Nat Steele, “Why Recruit?”
Blanca Estevez, “A DSA With Latinx Workers”
Internal Democracy Requires Effective Organization
We believe that DSA should be an organization where people from a variety of diverse socialist tendencies, as well as those who are new to socialism and have not fully figured out their politics, can organize together. We think that internal debates and discussions are highly productive and are wary of the calcifying impact that can result from rigid interpretations of democratic centralism common in American socialist sects. A deliberative and pluralistic organization which maintains the freedom to critically reflect on our direction and to openly organize for changes is important.
However, this does not mean that we think DSA should be a neutral forum in which every left-wing ideology is judged to have equal merits and equal access to resources. When the organization democratically adopts priorities or strategies which require coordinated action, we think it is important for members and chapters to pull together even if some of them retain misgivings.
Chapter level organizational structure should be cohesive and organize around democratically decided local priorities and avoid “siloization” of projects via committees. We believe chapters should steer towards organizational structures that advance collective ownership of major projects by a high percentage of the chapter’s membership, including so-called “paper” members. This does not mean banning or stopping other projects, but that democratically decided priorities should be the primary focus of the any chapter.
We also think that DSA should be a united organization whose members value the movement above its parts. Fostering a democratic culture means members and internal formations should have a sense of responsibility in their criticism and internal organizing, which should be conducted in a way which is conducive to generative discussion and strengthening rather than undermining DSA.
Building Rural and Southern Chapters Requires Strong Organization
There is an urgent need to grow our influence in areas where the socialist movement hasn’t been strong in generations—specifically rural communities, smaller urban areas, and the southeastern United States. We believe DSA requires a strong national organization to maximize our effectiveness and to have any hope of building in these regions.
We believe building strong locals and strong regional organizations are critical to this goal. Regional organizations can adapt national-level strategy to different state or regional contexts and could also pool resources so that chapters in regional population hubs can devote finances and personnel to supporting the development and maintenance of chapters in these areas.
Regional Organizations can also foster a meaningful two-way relationship between chapters and the national organization to keep chapters rooted in the nation-wide movement. An effective national organization paired with dynamic regional bodies and strong locals is a necessary piece of infrastructure to meaningfully support small and rural chapters as well as building an effective organization in every part of the country.
Electoral Organizing Requires Clear Strategy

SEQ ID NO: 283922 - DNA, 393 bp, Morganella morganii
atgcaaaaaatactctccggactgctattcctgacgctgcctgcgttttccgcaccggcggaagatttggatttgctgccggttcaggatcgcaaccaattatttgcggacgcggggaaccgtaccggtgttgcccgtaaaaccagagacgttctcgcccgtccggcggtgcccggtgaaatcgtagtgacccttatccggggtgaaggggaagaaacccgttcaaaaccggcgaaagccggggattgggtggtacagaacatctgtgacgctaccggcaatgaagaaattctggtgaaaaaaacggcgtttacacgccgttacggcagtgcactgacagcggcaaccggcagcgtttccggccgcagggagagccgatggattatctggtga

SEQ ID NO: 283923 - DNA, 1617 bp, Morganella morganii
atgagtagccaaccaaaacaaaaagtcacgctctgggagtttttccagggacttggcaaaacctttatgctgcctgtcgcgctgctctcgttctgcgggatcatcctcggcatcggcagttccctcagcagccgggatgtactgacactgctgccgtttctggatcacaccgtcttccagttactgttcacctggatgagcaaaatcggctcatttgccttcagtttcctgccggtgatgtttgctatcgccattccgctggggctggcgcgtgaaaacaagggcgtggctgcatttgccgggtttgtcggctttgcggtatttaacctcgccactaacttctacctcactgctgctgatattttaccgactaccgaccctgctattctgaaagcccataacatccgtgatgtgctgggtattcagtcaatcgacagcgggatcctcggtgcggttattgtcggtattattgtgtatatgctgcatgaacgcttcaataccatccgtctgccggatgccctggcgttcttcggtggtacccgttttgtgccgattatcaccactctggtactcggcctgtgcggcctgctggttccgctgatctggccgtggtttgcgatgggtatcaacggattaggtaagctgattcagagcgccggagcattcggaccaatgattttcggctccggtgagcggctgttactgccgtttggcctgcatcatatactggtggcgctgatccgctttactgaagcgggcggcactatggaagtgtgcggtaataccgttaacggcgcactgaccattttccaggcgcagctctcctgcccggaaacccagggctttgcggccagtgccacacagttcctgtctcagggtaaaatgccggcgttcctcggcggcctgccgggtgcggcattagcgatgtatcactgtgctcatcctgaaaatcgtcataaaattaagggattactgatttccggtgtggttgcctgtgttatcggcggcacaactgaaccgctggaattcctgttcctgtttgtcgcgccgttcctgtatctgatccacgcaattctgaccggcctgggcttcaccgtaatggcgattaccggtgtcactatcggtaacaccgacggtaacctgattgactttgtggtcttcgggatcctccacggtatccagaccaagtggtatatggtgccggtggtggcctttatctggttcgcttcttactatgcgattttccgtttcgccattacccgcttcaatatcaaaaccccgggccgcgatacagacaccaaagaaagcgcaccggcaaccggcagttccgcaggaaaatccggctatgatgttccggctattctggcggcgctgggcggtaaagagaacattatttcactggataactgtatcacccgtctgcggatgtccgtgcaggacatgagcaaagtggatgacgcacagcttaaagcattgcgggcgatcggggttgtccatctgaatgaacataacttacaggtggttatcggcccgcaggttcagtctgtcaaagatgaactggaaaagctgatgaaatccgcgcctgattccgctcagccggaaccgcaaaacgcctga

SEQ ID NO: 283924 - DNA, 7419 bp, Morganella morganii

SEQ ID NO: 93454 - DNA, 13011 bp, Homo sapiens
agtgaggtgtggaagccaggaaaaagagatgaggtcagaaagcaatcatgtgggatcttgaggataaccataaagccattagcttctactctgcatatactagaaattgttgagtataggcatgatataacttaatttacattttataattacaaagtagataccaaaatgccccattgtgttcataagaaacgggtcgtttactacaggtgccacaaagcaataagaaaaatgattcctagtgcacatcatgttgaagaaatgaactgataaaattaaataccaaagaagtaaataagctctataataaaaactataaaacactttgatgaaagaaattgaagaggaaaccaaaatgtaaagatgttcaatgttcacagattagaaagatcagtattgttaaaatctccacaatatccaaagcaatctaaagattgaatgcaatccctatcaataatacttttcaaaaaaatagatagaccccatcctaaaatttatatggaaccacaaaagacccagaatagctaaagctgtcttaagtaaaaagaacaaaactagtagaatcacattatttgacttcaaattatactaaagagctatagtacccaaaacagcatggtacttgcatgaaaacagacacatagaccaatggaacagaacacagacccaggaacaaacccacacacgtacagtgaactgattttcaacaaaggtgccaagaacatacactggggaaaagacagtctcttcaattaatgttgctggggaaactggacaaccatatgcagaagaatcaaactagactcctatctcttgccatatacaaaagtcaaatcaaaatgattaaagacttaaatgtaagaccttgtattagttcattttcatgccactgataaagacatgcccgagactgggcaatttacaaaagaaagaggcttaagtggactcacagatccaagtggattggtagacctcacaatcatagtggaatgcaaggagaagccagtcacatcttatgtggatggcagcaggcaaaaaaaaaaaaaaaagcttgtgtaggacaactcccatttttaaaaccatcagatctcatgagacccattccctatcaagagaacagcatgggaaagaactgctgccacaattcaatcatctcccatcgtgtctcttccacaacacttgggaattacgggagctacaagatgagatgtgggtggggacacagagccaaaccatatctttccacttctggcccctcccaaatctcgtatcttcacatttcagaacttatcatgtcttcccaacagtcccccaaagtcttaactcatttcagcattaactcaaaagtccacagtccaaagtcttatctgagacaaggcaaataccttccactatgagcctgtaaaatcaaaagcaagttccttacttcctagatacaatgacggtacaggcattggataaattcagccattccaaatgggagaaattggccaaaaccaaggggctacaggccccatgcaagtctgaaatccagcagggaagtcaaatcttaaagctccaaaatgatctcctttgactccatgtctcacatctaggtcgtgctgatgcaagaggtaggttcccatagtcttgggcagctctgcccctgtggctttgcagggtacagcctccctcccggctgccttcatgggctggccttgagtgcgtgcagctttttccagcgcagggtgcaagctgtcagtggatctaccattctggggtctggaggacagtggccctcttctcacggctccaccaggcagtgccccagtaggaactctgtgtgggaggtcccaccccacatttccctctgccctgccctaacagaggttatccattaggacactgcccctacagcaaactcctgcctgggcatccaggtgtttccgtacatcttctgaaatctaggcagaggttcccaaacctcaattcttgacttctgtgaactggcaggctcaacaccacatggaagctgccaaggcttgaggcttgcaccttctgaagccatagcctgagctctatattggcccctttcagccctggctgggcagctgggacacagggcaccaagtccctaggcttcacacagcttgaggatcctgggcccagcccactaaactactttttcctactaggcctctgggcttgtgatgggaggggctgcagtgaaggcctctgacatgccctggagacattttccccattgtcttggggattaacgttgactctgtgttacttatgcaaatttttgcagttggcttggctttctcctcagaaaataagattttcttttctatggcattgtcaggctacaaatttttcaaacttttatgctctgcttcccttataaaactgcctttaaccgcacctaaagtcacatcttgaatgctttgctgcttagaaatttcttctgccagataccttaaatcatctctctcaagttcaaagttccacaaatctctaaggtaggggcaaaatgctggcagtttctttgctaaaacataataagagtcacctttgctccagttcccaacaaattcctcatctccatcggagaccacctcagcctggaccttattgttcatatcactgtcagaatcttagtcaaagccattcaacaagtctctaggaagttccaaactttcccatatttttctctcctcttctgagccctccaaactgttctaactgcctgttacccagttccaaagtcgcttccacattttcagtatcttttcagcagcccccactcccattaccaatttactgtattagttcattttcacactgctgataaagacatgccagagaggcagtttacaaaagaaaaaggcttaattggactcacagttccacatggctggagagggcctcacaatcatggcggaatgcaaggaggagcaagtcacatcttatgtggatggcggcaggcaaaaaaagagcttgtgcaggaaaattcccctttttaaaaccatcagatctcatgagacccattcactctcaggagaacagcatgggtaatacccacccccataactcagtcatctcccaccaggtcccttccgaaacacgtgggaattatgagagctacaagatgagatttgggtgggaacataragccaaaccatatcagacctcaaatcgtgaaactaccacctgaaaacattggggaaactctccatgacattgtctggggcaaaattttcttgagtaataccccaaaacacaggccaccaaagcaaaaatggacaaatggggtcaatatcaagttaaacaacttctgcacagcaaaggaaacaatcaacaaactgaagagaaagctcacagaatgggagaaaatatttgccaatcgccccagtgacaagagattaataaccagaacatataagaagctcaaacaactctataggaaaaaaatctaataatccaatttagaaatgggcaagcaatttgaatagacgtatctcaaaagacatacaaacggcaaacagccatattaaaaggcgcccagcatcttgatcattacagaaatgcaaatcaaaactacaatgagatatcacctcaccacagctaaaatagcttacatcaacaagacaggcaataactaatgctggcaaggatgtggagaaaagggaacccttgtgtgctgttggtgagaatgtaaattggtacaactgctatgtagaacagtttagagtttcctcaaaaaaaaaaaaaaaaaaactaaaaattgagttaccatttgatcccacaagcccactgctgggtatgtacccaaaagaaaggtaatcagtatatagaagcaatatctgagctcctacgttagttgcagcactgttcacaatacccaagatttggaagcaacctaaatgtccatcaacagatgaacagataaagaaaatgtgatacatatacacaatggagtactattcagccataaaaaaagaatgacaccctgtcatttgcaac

Everywhere the ruling class is contesting for power is terrain for class struggle. Just as the workplace and the apartment building are sites of struggle between classes, so too is the ballot box. While we reject the notion that socialism can be won at the ballot box alone, we do not believe that ignoring electoral struggles is a viable path towards socialist power, and having socialists in office can create more favorable conditions at the grassroots by demonstrating the strength of our base to other political actors, as well as ensuring we have a greater ability to institutionalize what we’ve won by translating our demands into legislation.
While electoral organizing is only one terrain of struggle, it is still an indispensable one for socialists. It gives us specific in-roads to communities and coalitions we would not otherwise have access to and the scale of these campaigns gives many more members the chance to participate in a meaningful way while interacting directly with workers in our communities. We have seen how engaging in electoral campaigns, most notably the Sanders campaigns in the 2016 and 2020, have led to by far the largest engagement and membership growth of any DSA campaign. While campaigns like Bernie represent unique historical opportunities that can’t necessarily be replicated at will, electoral organizing as an approach is a critical avenue to growing our influence, our size, our diversity, and our power.
We support continuing to strategically use the Democratic ballot line to elect socialists. We reject the idea that third party ballot lines are a necessary precondition of a workers party or the pursuit of independent ballot lines as an end unto itself. By developing a party-like structure within DSA and using the Democratic ballot line where necessary, DSA can continue to both exercise democratic control over our own candidate selection and candidate discipline while also continuing to actually elect socialists to office. Our goal is for strategic campaigns that grow the capacity and diversity of our organization, bring our ideas to a mass audience, and reshape the political terrain upon which the workers movement operates.
Collective Power Network, “On Electoral Organizing”
Ben Davis, “The Democratic Socialist Constituency”
Collective Liberation Requires Socialist Internationalism